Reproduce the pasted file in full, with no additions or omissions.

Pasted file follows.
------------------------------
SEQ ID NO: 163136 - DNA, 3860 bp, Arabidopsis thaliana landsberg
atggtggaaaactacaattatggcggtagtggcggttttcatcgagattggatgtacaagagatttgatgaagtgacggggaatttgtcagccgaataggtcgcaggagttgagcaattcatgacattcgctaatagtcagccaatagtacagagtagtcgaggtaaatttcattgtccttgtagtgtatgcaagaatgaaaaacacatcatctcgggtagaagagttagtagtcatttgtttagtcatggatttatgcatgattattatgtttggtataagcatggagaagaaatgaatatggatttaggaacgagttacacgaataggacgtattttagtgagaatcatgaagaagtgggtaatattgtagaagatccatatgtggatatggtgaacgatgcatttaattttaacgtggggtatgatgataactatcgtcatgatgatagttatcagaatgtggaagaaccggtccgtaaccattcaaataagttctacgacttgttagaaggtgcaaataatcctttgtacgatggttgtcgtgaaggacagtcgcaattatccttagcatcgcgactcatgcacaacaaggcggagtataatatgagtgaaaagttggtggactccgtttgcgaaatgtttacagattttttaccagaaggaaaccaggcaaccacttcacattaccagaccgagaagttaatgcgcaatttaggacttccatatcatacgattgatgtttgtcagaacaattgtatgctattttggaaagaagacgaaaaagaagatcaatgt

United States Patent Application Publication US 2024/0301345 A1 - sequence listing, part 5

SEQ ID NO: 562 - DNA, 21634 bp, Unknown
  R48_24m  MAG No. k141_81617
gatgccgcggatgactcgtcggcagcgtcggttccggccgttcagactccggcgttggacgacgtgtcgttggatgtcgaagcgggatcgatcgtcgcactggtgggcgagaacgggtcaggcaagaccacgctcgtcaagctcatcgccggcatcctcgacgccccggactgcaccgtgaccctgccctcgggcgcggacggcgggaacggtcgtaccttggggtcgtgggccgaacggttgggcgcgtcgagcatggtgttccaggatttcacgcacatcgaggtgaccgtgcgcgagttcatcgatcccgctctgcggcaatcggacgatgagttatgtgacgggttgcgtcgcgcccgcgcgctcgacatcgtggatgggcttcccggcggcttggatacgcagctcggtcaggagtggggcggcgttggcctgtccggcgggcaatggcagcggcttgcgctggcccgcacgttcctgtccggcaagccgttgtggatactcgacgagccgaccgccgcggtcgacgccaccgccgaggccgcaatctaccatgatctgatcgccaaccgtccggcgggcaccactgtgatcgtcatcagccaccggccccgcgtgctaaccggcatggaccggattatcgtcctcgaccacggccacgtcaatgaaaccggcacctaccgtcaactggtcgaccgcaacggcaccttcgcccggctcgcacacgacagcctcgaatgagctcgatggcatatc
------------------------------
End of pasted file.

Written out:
SEQ ID NO: 163136 - DNA, 3860 bp, Arabidopsis thaliana landsberg
atggtggaaaactacaattatggcggtagtggcggttttcatcgagattggatgtacaagagatttgatgaagtgacggggaatttgtcagccgaataggtcgcaggagttgagcaattcatgacattcgctaatagtcagccaatagtacagagtagtcgaggtaaatttcattgtccttgtagtgtatgcaagaatgaaaaacacatcatctcgggtagaagagttagtagtcatttgtttagtcatggatttatgcatgattattatgtttggtataagcatggagaagaaatgaatatggatttaggaacgagttacacgaataggacgtattttagtgagaatcatgaagaagtgggtaatattgtagaagatccatatgtggatatggtgaacgatgcatttaattttaacgtggggtatgatgataactatcgtcatgatgatagttatcagaatgtggaagaaccggtccgtaaccattcaaataagttctacgacttgttagaaggtgcaaataatcctttgtacgatggttgtcgtgaaggacagtcgcaattatccttagcatcgcgactcatgcacaacaaggcggagtataatatgagtgaaaagttggtggactccgtttgcgaaatgtttacagattttttaccagaaggaaaccaggcaaccacttcacattaccagaccgagaagttaatgcgcaatttaggacttccatatcatacgattgatgtttgtcagaacaattgtatgctattttggaaagaagacgaaaaagaagatcaatgt

United States Patent Application Publication US 2024/0301345 A1 - sequence listing, part 5

SEQ ID NO: 562 - DNA, 21634 bp, Unknown
  R48_24m  MAG No. k141_81617
gatgccgcggatgactcgtcggcagcgtcggttccggccgttcagactccggcgttggacgacgtgtcgttggatgtcgaagcgggatcgatcgtcgcactggtgggcgagaacgggtcaggcaagaccacgctcgtcaagctcatcgccggcatcctcgacgccccggactgcaccgtgaccctgccctcgggcgcggacggcgggaacggtcgtaccttggggtcgtgggccgaacggttgggcgcgtcgagcatggtgttccaggatttcacgcacatcgaggtgaccgtgcgcgagttcatcgatcccgctctgcggcaatcggacgatgagttatgtgacgggttgcgtcgcgcccgcgcgctcgacatcgtggatgggcttcccggcggcttggatacgcagctcggtcaggagtggggcggcgttggcctgtccggcgggcaatggcagcggcttgcgctggcccgcacgttcctgtccggcaagccgttgtggatactcgacgagccgaccgccgcggtcgacgccaccgccgaggccgcaatctaccatgatctgatcgccaaccgtccggcgggcaccactgtgatcgtcatcagccaccggccccgcgtgctaaccggcatggaccggattatcgtcctcgaccacggccacgtcaatgaaaccggcacctaccgtcaactggtcgaccgcaacggcaccttcgcccggctcgcacacgacagcctcgaatgagctcgatggcatatc